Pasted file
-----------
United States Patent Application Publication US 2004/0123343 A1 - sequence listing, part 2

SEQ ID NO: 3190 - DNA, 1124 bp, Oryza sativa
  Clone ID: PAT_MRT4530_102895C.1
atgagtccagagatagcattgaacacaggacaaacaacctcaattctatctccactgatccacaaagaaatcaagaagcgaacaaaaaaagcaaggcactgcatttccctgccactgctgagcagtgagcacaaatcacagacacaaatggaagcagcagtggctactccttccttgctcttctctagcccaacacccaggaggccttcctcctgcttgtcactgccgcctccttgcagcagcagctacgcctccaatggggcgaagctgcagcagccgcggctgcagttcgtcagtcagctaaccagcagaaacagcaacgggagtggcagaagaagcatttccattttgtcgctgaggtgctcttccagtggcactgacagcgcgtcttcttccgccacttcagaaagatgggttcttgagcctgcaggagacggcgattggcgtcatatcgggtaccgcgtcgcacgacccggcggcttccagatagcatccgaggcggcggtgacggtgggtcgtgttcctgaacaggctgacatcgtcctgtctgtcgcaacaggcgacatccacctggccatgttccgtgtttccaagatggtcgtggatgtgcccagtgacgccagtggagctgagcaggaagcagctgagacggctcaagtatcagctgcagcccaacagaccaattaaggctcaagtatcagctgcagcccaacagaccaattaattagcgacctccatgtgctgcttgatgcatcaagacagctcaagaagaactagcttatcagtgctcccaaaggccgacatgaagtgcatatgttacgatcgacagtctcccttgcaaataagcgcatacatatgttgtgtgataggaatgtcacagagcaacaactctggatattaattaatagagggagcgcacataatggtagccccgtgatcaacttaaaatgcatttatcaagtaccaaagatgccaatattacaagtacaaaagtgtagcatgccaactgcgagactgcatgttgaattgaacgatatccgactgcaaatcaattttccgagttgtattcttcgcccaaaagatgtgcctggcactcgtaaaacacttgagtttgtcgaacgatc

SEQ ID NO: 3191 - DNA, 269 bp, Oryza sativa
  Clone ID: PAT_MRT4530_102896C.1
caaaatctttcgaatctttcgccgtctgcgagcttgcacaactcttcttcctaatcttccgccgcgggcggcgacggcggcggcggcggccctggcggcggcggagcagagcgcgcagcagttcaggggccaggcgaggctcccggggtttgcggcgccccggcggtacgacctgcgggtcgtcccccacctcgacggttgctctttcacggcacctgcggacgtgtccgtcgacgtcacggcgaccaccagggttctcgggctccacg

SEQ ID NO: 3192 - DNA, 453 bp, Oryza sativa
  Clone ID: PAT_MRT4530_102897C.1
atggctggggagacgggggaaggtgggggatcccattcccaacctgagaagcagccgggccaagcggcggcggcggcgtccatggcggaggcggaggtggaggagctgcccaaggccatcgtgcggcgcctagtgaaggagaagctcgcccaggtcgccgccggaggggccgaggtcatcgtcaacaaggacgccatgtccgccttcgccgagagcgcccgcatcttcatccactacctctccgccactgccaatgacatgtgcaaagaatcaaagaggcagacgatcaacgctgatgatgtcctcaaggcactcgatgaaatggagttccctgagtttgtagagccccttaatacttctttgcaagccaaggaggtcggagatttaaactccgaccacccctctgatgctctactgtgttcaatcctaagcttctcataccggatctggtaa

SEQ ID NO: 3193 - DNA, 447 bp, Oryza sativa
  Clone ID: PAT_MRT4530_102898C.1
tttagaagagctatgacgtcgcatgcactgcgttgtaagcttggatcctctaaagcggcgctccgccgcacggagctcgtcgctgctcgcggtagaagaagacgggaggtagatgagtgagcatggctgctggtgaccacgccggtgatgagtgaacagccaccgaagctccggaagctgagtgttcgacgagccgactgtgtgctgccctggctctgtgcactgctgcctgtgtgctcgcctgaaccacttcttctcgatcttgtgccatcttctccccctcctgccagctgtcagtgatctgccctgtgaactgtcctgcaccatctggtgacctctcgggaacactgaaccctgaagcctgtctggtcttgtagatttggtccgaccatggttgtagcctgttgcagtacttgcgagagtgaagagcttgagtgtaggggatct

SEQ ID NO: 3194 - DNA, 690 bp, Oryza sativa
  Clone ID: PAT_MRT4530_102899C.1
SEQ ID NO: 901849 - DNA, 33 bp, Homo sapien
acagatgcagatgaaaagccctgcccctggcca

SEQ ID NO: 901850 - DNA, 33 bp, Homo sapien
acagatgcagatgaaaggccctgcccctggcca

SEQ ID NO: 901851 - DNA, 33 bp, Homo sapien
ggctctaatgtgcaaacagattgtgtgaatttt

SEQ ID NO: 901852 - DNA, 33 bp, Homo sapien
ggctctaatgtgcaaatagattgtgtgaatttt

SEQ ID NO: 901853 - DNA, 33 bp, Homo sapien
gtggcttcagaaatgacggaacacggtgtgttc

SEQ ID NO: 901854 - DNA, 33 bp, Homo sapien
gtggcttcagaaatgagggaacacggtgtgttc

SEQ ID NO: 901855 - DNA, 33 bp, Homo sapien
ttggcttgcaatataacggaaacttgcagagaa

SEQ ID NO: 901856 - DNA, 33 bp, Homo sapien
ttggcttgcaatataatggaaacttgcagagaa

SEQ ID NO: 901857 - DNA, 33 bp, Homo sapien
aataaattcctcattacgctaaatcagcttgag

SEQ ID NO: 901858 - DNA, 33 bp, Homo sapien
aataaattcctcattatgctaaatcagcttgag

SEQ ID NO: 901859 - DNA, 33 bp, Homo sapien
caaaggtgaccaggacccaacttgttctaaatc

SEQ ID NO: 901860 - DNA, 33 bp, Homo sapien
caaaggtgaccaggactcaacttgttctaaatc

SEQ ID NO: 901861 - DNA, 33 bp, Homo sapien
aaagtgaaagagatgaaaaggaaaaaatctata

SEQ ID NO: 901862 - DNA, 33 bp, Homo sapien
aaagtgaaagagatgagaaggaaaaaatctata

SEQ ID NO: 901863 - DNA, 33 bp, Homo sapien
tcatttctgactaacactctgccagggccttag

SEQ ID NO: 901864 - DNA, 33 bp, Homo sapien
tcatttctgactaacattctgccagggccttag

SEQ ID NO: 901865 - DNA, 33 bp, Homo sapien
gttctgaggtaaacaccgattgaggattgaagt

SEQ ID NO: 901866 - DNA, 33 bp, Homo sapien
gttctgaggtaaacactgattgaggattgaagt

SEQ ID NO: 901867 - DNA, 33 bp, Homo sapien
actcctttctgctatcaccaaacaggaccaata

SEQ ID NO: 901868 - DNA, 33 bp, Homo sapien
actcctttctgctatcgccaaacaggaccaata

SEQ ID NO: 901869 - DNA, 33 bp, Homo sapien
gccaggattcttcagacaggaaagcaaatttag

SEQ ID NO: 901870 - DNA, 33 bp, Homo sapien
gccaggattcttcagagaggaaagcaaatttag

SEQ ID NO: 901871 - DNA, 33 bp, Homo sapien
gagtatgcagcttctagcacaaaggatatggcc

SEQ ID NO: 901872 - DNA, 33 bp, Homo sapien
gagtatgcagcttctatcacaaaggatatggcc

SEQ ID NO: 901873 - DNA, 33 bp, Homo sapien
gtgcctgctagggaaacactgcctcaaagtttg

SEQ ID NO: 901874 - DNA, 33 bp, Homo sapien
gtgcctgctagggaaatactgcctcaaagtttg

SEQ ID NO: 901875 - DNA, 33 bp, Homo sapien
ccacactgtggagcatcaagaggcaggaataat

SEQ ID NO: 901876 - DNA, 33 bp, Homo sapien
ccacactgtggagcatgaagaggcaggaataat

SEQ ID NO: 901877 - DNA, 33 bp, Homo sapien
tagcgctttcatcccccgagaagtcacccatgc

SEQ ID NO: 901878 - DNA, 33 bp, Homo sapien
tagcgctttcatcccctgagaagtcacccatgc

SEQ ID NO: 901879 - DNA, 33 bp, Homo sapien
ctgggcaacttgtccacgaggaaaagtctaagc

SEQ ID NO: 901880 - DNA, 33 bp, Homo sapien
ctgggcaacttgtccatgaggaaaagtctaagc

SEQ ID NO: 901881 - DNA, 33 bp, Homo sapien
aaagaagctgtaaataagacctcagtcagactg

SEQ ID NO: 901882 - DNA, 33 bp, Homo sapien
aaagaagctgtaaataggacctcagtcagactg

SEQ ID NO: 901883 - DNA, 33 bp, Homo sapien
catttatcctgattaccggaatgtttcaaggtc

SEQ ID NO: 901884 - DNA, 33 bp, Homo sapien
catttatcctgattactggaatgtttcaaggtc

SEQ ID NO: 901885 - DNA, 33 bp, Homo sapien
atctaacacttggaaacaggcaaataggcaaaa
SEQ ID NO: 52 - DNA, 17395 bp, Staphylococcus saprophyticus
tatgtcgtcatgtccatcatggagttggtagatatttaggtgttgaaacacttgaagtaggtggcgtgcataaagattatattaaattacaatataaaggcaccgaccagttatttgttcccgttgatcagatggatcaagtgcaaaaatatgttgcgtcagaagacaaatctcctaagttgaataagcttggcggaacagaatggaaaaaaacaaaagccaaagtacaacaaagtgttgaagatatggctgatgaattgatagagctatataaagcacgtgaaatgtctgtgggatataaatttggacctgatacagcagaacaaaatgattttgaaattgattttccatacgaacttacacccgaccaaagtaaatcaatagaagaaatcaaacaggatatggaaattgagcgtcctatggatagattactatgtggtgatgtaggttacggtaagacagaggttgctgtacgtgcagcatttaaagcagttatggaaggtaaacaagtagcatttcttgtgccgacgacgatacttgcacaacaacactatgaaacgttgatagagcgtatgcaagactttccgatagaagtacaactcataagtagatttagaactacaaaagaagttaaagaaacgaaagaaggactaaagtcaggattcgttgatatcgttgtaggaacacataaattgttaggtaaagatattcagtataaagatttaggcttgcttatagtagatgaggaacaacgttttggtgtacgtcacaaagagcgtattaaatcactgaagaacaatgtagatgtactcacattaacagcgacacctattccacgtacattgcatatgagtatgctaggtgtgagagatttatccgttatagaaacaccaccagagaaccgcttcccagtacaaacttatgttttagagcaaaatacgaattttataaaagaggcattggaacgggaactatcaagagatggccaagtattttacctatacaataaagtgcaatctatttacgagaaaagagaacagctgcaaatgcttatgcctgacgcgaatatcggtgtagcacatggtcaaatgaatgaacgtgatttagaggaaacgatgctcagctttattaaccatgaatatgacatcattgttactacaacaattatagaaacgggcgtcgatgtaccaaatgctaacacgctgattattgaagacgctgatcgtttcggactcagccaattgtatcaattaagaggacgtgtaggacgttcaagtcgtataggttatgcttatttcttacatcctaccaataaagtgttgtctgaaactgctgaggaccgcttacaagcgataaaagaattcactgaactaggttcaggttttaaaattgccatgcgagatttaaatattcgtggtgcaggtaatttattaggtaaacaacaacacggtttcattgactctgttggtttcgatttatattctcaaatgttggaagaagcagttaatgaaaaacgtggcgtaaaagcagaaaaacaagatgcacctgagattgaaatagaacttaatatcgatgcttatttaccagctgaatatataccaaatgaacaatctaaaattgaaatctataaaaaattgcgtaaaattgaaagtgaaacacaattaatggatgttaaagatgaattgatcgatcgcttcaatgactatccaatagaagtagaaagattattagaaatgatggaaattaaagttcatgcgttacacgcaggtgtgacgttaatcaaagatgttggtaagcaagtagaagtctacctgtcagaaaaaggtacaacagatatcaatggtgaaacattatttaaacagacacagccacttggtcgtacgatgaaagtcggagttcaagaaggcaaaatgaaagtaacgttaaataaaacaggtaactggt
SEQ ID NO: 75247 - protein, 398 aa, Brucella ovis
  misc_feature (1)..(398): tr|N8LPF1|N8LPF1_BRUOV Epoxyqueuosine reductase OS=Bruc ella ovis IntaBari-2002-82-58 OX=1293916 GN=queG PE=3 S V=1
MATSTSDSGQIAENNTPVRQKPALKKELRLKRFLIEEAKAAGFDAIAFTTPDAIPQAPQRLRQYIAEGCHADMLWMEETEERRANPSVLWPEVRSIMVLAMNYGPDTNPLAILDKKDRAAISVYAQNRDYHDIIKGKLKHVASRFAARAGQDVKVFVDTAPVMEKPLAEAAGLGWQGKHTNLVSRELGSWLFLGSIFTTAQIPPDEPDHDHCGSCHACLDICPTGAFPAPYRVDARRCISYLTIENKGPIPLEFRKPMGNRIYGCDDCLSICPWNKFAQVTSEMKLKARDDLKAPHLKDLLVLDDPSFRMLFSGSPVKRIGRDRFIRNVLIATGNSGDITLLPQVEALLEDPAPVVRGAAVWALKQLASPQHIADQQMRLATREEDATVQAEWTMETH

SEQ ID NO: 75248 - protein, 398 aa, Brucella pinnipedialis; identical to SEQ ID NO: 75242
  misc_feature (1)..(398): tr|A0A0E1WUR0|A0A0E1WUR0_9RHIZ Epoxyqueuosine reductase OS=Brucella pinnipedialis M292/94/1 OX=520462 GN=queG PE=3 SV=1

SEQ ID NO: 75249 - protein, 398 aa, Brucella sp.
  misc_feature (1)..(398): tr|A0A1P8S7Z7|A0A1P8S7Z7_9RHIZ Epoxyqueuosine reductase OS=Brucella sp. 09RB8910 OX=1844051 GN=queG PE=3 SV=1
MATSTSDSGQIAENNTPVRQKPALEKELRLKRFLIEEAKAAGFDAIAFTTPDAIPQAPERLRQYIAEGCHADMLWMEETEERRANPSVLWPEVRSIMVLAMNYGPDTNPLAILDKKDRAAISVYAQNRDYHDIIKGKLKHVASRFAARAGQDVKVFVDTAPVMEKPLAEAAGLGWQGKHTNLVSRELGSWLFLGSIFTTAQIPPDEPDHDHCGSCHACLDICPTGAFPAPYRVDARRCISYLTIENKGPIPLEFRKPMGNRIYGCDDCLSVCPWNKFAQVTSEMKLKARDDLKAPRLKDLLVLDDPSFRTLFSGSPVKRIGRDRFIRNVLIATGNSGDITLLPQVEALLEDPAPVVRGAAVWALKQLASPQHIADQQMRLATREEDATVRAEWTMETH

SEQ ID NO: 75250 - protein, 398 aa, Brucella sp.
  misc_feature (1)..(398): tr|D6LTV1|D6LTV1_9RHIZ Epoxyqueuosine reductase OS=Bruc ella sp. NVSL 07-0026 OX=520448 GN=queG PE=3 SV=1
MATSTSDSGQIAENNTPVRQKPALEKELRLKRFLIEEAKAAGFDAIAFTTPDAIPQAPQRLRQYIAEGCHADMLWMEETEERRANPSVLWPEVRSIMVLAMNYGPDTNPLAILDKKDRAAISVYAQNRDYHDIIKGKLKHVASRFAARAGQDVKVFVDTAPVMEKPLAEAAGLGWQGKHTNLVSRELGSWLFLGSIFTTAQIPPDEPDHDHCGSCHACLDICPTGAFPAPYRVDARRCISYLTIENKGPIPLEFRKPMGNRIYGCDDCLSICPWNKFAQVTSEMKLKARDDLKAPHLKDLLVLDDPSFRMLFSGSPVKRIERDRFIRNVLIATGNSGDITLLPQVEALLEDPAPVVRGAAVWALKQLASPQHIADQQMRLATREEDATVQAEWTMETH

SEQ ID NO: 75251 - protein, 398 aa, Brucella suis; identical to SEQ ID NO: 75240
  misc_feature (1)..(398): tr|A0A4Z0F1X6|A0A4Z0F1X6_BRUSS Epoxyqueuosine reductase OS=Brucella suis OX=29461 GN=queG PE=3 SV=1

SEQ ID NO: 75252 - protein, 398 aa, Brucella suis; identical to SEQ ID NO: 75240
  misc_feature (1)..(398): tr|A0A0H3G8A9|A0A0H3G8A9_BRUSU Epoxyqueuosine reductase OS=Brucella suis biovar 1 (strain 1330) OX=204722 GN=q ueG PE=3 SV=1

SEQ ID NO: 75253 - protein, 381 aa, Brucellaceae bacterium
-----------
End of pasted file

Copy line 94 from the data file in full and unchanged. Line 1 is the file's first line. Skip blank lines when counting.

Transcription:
MATSTSDSGQIAENNTPVRQKPALKKELRLKRFLIEEAKAAGFDAIAFTTPDAIPQAPQRLRQYIAEGCHADMLWMEETEERRANPSVLWPEVRSIMVLAMNYGPDTNPLAILDKKDRAAISVYAQNRDYHDIIKGKLKHVASRFAARAGQDVKVFVDTAPVMEKPLAEAAGLGWQGKHTNLVSRELGSWLFLGSIFTTAQIPPDEPDHDHCGSCHACLDICPTGAFPAPYRVDARRCISYLTIENKGPIPLEFRKPMGNRIYGCDDCLSICPWNKFAQVTSEMKLKARDDLKAPHLKDLLVLDDPSFRMLFSGSPVKRIGRDRFIRNVLIATGNSGDITLLPQVEALLEDPAPVVRGAAVWALKQLASPQHIADQQMRLATREEDATVQAEWTMETH